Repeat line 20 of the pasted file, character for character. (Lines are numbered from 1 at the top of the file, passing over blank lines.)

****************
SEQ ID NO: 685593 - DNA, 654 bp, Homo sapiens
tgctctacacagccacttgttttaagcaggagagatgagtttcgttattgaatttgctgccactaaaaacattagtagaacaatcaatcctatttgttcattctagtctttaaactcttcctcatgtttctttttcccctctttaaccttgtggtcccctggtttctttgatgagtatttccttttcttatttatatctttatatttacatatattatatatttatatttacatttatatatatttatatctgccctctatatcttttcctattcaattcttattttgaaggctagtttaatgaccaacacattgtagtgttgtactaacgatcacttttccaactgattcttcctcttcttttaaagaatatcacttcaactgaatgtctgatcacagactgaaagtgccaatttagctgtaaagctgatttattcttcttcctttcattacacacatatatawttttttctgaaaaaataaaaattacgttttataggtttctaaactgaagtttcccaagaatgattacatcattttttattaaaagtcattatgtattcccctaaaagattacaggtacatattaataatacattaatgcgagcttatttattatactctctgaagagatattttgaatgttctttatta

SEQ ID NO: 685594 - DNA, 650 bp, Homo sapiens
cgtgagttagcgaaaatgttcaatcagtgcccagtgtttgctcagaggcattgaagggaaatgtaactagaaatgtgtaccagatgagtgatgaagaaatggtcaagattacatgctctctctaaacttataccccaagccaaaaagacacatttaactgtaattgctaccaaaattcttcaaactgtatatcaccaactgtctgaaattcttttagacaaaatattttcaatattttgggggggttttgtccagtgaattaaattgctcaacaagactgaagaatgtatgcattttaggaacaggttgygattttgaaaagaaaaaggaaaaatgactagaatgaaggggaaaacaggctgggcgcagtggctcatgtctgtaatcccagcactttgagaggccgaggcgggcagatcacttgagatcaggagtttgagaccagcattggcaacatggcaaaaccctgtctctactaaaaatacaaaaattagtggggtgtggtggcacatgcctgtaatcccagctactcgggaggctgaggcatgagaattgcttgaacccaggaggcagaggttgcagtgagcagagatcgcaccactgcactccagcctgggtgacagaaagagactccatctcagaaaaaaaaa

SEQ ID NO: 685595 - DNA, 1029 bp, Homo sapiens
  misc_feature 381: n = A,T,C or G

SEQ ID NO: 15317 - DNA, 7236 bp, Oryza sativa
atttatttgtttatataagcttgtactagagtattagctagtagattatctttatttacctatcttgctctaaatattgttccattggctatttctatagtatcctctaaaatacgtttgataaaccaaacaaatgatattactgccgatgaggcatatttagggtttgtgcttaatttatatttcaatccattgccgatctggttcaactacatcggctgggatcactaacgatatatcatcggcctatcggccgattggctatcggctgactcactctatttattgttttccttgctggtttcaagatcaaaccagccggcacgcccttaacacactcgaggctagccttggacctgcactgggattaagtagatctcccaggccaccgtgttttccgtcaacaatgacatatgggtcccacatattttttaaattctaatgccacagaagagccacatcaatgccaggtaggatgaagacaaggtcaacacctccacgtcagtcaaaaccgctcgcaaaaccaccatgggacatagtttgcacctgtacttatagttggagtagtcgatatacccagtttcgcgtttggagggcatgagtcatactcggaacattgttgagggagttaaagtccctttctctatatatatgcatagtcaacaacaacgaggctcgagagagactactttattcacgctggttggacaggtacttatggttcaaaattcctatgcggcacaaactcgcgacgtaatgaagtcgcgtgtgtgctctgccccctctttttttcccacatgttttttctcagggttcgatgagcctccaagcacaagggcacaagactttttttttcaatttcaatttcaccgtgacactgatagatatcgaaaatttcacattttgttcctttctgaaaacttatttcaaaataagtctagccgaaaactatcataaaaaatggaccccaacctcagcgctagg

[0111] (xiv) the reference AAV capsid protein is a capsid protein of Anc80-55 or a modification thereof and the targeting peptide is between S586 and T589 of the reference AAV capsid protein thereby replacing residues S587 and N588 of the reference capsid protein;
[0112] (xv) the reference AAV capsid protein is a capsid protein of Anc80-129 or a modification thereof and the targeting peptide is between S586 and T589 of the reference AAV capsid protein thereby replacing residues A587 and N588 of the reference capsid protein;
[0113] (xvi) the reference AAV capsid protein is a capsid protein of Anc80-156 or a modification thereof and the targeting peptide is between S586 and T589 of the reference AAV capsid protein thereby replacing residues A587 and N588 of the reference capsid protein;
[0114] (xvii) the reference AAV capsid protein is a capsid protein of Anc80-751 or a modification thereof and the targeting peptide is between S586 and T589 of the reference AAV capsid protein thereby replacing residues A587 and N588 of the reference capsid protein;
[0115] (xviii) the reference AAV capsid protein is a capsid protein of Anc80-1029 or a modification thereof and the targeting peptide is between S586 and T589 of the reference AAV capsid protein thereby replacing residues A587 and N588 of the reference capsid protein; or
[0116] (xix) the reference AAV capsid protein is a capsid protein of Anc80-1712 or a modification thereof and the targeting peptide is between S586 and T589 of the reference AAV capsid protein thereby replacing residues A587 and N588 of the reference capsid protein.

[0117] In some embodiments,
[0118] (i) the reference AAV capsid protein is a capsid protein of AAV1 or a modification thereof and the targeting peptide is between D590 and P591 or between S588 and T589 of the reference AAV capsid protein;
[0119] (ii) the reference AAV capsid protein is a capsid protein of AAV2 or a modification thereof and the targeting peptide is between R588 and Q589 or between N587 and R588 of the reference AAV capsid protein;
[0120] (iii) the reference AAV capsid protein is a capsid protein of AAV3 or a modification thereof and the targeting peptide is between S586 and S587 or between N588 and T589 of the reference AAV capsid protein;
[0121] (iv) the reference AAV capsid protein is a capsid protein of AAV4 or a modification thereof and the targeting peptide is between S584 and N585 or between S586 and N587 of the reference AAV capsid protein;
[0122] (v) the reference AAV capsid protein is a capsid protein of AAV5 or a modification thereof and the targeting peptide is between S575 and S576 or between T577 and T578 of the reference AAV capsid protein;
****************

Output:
[0122] (v) the reference AAV capsid protein is a capsid protein of AAV5 or a modification thereof and the targeting peptide is between S575 and S576 or between T577 and T578 of the reference AAV capsid protein;